Revenue Controls Note:

Making sure your potential revenue gets banked


Regardless of accounting rules, the money is not real until it is in the bank, with a deposit receipt in your hands. Without money in the bank, you cannot pay your bills or pay your employees. This means that every business operation needs a revenue control system. As always, there are four kinds of controls systems available to be used in combination: diagnostic, interactive, boundary and beliefs. While beliefs system controls are powerful and efficient if you can get them embedded, with regard to revenue all it takes is one person who does not believe. Revenue control is ALWAYS strategically critical. Therefore, as you design a revenue control system that is right for your business, try to utilize all four of Simon’s controls (see below).

Why should I read this?

One of the most frustrating things that can happen when running your brewery or brew pub is when the revenue that you have earned either does not get paid to you or, for some other reason, does not make it into your bank account. This paper will help you craft a revenue control system.

Belief System Revenue Control

Internal to the business: Beliefs system controls can work very powerfully within your company, because you work with your employees together every day, and they are invested in the success of the business. Firstly, let everyone know that all the cash, checks, transfers, credit card receipts – every bit of revenue is needed to keep your business viable. It is all needed to pay the bills. Create a strong belief system that you need every bit of revenue accounted for and deposited in our bank account, so we can survive and we can pay our bills. Create the belief that there is no “extra” revenue.

In a brewpub this is especially critical. When employees see cash going into a cash register, and all the payments flowing through their hands, or the hands of their colleagues, it will seem to them that there is money everywhere and lots of extra. When employees are not paid a lot, it is very easy to rationalize that the brewpub has a lot of extra money and they have so little, and it won’t be missed or needed. If employees do not feel they are being fairly paid, they will be more likely to appropriate the businesses hard earned revenue for themselves.

We recommend paying employees for the value they provide to your business and not according to how easy it is to replace them (supply). We will discuss fair pay elsewhere in detail. For now, please understand that when anyone in the organization feels underpaid or under-appreciated, you are risking your revenue (as well as theft and pilferage that impact you on the cost side). It is a two way street. You must create an internal belief system that every bit of revenue is needed, and that revenue control ends up helping everyone in the organization.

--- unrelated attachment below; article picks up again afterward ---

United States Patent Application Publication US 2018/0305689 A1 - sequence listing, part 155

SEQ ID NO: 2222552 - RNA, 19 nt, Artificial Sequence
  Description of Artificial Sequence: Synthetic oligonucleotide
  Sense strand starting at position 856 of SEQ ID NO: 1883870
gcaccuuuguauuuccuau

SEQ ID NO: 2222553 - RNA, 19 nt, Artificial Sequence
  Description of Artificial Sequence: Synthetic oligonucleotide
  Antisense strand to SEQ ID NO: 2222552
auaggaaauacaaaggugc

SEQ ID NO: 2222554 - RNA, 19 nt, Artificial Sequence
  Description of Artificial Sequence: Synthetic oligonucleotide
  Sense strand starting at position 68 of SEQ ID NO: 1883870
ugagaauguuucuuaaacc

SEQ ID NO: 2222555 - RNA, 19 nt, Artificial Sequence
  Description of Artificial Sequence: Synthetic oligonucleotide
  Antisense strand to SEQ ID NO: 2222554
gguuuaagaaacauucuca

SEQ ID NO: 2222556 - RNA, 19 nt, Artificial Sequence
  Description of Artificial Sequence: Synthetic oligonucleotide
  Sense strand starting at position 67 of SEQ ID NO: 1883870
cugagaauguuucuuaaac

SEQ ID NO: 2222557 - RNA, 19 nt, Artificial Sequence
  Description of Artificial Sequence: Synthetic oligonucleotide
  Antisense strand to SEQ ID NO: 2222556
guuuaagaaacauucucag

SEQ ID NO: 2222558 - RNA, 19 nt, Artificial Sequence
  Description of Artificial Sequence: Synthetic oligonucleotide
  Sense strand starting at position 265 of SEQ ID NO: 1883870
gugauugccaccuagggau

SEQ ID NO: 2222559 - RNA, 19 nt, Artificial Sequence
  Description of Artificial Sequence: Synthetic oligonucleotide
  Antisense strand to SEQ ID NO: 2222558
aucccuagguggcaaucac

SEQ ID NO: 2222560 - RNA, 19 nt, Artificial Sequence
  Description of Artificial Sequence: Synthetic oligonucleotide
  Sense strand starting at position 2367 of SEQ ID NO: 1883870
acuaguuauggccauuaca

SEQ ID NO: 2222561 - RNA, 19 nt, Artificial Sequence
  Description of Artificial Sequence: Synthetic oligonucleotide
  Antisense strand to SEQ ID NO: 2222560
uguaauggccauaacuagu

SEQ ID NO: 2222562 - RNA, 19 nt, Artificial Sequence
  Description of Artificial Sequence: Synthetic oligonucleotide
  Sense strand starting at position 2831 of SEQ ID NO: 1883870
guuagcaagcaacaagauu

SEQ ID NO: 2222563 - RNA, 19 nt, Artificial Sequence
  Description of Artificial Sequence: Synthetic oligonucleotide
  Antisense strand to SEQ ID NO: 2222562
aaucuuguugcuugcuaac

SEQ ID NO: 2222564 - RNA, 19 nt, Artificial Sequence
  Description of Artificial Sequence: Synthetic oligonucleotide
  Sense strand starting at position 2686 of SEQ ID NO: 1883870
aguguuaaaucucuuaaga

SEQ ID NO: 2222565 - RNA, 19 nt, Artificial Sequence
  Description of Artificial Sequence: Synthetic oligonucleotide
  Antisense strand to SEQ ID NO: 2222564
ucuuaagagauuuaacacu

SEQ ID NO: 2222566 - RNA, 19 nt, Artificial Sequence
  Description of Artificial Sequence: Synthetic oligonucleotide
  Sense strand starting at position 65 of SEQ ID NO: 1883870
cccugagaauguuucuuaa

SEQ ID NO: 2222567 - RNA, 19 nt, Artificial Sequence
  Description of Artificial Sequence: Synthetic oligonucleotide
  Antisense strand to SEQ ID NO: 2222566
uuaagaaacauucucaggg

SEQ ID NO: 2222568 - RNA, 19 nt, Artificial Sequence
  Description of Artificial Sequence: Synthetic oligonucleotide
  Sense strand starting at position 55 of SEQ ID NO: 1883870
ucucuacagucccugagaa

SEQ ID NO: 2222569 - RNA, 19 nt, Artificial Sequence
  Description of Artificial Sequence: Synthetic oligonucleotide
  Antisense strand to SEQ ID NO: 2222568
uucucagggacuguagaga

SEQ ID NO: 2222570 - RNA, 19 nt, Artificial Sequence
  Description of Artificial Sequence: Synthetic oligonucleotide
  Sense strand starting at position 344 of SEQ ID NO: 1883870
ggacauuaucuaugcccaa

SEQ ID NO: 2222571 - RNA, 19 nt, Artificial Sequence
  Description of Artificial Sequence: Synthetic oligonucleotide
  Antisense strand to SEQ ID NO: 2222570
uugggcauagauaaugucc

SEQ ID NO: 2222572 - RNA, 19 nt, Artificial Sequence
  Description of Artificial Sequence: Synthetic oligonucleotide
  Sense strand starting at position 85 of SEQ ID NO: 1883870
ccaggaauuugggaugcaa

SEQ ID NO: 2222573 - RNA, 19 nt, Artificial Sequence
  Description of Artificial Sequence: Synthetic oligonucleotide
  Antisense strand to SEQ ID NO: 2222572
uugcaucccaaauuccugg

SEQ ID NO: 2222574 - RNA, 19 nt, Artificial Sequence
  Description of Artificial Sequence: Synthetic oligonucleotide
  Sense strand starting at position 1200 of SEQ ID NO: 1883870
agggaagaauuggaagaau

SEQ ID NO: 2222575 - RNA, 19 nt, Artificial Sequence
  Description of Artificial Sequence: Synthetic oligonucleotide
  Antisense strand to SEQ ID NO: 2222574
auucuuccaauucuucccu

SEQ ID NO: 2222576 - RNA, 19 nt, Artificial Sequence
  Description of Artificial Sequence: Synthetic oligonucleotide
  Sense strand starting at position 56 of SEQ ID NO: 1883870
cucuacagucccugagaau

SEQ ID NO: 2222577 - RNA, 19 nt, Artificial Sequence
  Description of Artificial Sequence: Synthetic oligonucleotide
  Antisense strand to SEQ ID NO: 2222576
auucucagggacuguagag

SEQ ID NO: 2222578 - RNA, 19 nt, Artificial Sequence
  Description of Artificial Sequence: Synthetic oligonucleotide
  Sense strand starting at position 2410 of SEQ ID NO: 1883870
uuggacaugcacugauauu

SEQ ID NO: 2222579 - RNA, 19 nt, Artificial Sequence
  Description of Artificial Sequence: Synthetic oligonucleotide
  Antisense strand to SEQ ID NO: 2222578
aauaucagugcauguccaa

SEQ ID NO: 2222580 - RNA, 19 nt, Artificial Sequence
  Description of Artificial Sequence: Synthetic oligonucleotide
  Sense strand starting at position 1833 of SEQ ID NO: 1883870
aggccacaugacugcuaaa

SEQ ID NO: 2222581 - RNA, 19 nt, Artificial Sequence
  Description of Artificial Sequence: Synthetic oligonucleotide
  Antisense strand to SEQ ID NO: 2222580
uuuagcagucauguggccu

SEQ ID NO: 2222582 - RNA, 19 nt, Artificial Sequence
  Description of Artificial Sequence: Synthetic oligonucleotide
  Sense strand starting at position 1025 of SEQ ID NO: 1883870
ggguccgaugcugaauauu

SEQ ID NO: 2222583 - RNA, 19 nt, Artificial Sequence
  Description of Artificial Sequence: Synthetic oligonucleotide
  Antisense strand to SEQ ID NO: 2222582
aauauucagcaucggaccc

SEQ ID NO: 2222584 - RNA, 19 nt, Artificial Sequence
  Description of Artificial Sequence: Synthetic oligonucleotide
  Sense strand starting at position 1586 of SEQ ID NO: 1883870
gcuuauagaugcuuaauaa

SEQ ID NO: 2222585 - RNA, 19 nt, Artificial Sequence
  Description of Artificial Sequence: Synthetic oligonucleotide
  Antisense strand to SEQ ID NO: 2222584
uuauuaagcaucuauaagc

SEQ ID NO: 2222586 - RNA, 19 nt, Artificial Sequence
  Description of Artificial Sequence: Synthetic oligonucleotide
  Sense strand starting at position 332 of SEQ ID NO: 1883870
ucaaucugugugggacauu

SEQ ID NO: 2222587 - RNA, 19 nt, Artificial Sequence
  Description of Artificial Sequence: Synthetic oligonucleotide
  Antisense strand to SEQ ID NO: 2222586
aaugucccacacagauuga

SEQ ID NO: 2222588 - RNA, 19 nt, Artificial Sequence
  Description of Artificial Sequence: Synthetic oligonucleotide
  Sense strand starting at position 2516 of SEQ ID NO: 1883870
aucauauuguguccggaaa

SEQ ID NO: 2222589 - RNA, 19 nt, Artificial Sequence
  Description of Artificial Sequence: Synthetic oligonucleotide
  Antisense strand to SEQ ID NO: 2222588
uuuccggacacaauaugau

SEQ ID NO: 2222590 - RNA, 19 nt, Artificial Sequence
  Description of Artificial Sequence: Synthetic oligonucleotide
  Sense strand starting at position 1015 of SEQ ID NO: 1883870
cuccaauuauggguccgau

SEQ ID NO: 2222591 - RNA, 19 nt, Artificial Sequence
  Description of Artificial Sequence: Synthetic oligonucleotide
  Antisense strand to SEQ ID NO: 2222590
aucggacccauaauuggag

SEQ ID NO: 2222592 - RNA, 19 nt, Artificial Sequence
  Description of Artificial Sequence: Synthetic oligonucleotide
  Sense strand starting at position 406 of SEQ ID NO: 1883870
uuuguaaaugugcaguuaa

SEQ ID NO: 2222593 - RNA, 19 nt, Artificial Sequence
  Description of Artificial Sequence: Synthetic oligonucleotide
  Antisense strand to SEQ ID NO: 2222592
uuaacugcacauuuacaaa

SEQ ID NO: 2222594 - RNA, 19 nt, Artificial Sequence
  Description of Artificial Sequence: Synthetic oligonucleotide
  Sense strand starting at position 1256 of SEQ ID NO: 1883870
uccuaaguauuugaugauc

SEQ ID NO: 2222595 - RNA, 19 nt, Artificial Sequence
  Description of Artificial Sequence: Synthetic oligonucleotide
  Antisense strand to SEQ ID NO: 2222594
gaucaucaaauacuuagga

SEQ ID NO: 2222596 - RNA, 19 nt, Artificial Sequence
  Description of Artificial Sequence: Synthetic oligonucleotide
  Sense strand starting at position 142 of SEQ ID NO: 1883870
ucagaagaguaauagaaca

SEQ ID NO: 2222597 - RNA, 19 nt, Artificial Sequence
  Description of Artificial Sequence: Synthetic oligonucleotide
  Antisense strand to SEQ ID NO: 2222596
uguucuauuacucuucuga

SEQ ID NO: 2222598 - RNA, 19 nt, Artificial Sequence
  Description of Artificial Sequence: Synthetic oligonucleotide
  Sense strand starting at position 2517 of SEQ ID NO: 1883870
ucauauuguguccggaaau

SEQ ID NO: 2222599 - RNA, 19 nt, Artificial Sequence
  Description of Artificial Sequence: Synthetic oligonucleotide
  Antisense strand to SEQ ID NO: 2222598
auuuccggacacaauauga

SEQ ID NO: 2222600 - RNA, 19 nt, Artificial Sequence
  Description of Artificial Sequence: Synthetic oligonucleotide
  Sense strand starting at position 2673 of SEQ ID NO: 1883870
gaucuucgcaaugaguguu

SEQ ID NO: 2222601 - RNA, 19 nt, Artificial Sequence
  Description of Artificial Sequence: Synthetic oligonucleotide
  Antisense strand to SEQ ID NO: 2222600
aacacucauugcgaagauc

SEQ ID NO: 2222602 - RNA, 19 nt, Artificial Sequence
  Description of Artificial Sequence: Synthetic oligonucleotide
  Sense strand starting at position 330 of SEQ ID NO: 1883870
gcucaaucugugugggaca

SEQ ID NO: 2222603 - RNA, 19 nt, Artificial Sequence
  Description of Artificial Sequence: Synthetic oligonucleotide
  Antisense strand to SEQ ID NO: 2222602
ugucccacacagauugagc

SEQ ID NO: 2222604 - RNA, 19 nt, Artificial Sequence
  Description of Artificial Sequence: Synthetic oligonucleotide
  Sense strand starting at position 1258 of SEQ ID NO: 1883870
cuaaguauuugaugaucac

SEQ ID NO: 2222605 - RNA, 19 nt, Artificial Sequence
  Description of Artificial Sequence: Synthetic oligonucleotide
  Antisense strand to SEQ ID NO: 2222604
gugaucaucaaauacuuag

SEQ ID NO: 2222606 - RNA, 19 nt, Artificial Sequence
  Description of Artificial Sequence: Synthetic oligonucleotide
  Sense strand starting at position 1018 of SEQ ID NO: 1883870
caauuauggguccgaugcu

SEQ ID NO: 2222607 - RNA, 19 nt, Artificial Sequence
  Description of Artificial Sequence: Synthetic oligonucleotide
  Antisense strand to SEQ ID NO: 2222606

External to the business: Belief system controls are more difficult to pull off with those outside of your business. However, they do work with repeat customers -- those with whom you create an ongoing business relationship. Therefore, the same beliefs must be instilled in those who have business-to-business accounts payable to you. When distributors are slow to pay, or retail outlets that have your beer on tap pay you last, or slowly or not at all, you risk going out of business.

It is the manager’s job to let them know this, to lead the way, to communicate face to face. Be polite and at the same time explicit. You can be humble: “Please understand that we are depending upon you to pay us on time, as fast as possible really, because we have many bills to pay of our own. Please promise that you will always pay us for our beer (or contract brewing services, or whatever) within [the period you agree upon].” This is not just written in a contract – it is something that you say out loud and shake hands, bow, make eye contact about and agree upon. Furthermore, each time you get paid quickly, make it a point to thank your B-to-B customer for that behavior, and continue to let them know how important it is.

Here are links to other simple articles on collecting payment from your clients:

Diagnostic System Revenue Control

A diagnostic control measures quantities and qualities. Quantities are easier to measure than qualities. However, all research shows that in general qualities are equally as important to measure and track. All sorts of revenue quantities can be measured and can be compared with each other’s.

For example:

How much potential revenue did we earn this month (i.e. the amount produced x sales prices)? How much revenue did we account for this month (amount billed)? How much actual revenue did we realize this month (actually got paid and deposited)? Business to customer sales should have very little variance between any of those measures. Business to business sales should have low variance between the first two, and after allowing for a payment period a lag of about 30-45 days, as low as possible variance between the last.